March 21, 2014
There is a wonderful Milt Hinton photograph of Louis Armstrong in 1954, standing by his beloved reel-to-reel tape recorders, which he took with him everywhere to record performances and memories. It's this Armstrong--relaxed, intimate and gregarious--that John Douglas Thompson vividly resurrects in Terry Teachout's "Satchmo at the Waldorf," a one-man show at the Westside Theater....
Mr. Teachout, The Wall Street Journal's drama critic, is an Armstrong biographer, and Mr. Thompson--who appeared in productions of "Satchmo" at the Long Wharf Theater and Shakespeare & Company--certainly knows these characters. As directed by Gordon Edelstein, Mr. Thompson offers dazzling arias, at one point toggling between Armstrong and Glaser in a bravura pyrotechnical display. By the show's end, you sense the profound fortitude that lay beneath the avuncular surface of this giant, and you are newly appreciative of his singular place in history.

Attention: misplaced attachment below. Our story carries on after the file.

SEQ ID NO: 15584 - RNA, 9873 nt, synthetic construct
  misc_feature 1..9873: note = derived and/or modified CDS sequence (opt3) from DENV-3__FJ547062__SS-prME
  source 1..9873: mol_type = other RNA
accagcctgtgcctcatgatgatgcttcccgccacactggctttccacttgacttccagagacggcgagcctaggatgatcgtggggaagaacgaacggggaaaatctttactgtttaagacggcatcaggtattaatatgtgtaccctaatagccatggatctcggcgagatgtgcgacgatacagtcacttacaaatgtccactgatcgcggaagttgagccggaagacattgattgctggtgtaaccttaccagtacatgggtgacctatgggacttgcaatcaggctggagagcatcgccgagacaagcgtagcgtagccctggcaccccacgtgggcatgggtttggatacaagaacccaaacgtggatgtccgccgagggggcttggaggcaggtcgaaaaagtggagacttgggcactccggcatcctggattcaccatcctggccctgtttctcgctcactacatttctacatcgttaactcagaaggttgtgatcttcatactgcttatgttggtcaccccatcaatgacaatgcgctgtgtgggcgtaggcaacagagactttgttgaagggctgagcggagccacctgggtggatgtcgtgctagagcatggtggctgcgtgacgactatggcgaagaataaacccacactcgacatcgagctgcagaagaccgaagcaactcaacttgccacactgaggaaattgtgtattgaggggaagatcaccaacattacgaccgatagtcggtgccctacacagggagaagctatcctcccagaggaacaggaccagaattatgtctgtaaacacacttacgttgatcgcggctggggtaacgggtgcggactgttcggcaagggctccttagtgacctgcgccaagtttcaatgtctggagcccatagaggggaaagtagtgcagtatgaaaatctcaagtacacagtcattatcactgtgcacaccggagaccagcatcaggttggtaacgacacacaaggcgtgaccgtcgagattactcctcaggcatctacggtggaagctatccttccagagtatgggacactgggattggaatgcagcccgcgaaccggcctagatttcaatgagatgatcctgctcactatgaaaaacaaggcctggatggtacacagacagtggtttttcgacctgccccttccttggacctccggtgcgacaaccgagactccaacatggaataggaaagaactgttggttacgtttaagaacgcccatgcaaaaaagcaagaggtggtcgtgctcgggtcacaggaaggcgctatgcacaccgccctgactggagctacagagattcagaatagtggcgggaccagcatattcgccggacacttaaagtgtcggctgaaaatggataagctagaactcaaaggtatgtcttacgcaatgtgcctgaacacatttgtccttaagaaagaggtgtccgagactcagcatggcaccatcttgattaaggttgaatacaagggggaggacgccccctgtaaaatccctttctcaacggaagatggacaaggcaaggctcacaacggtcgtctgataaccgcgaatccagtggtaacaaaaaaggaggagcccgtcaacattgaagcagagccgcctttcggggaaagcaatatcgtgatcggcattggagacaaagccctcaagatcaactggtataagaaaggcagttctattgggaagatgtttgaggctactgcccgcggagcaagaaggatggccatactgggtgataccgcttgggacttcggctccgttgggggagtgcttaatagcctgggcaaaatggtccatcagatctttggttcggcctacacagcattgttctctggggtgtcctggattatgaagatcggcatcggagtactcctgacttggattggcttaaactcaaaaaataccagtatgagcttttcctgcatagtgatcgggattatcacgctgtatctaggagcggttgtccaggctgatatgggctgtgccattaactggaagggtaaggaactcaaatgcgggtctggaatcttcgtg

On Wednesday John had to miss both performances owing to a pinched nerve. Michael Early, John's understudy, covered for him, carrying a script (he hasn't had time to learn the entire play yet). The New Yorker was there:
With so little stage business to ornament the action, and no chemistry generated by other actors, it's the kind of distilled performance that thrills and terrifies, or obviously falters. Early was mellowly authoritative--he improvised, as Armstrong would have, when he couldn't quite get back to the script in time. Though he had to turn the pages, the act seemed synonymous with Armstrong's searching through the catalogue of his memories. At the end, the audience shouted and applauded with real feeling, and when Early took a bow he shared with us a look of relief. We'd all participated in a delightful pact: we'll watch you catch this curveball, you'll pretend like catching it is nothing....
For the record, John returned to the show last night, but it's nice to know that he's very well covered in case things go wrong.
Posted March 21, 2014 10:00 AM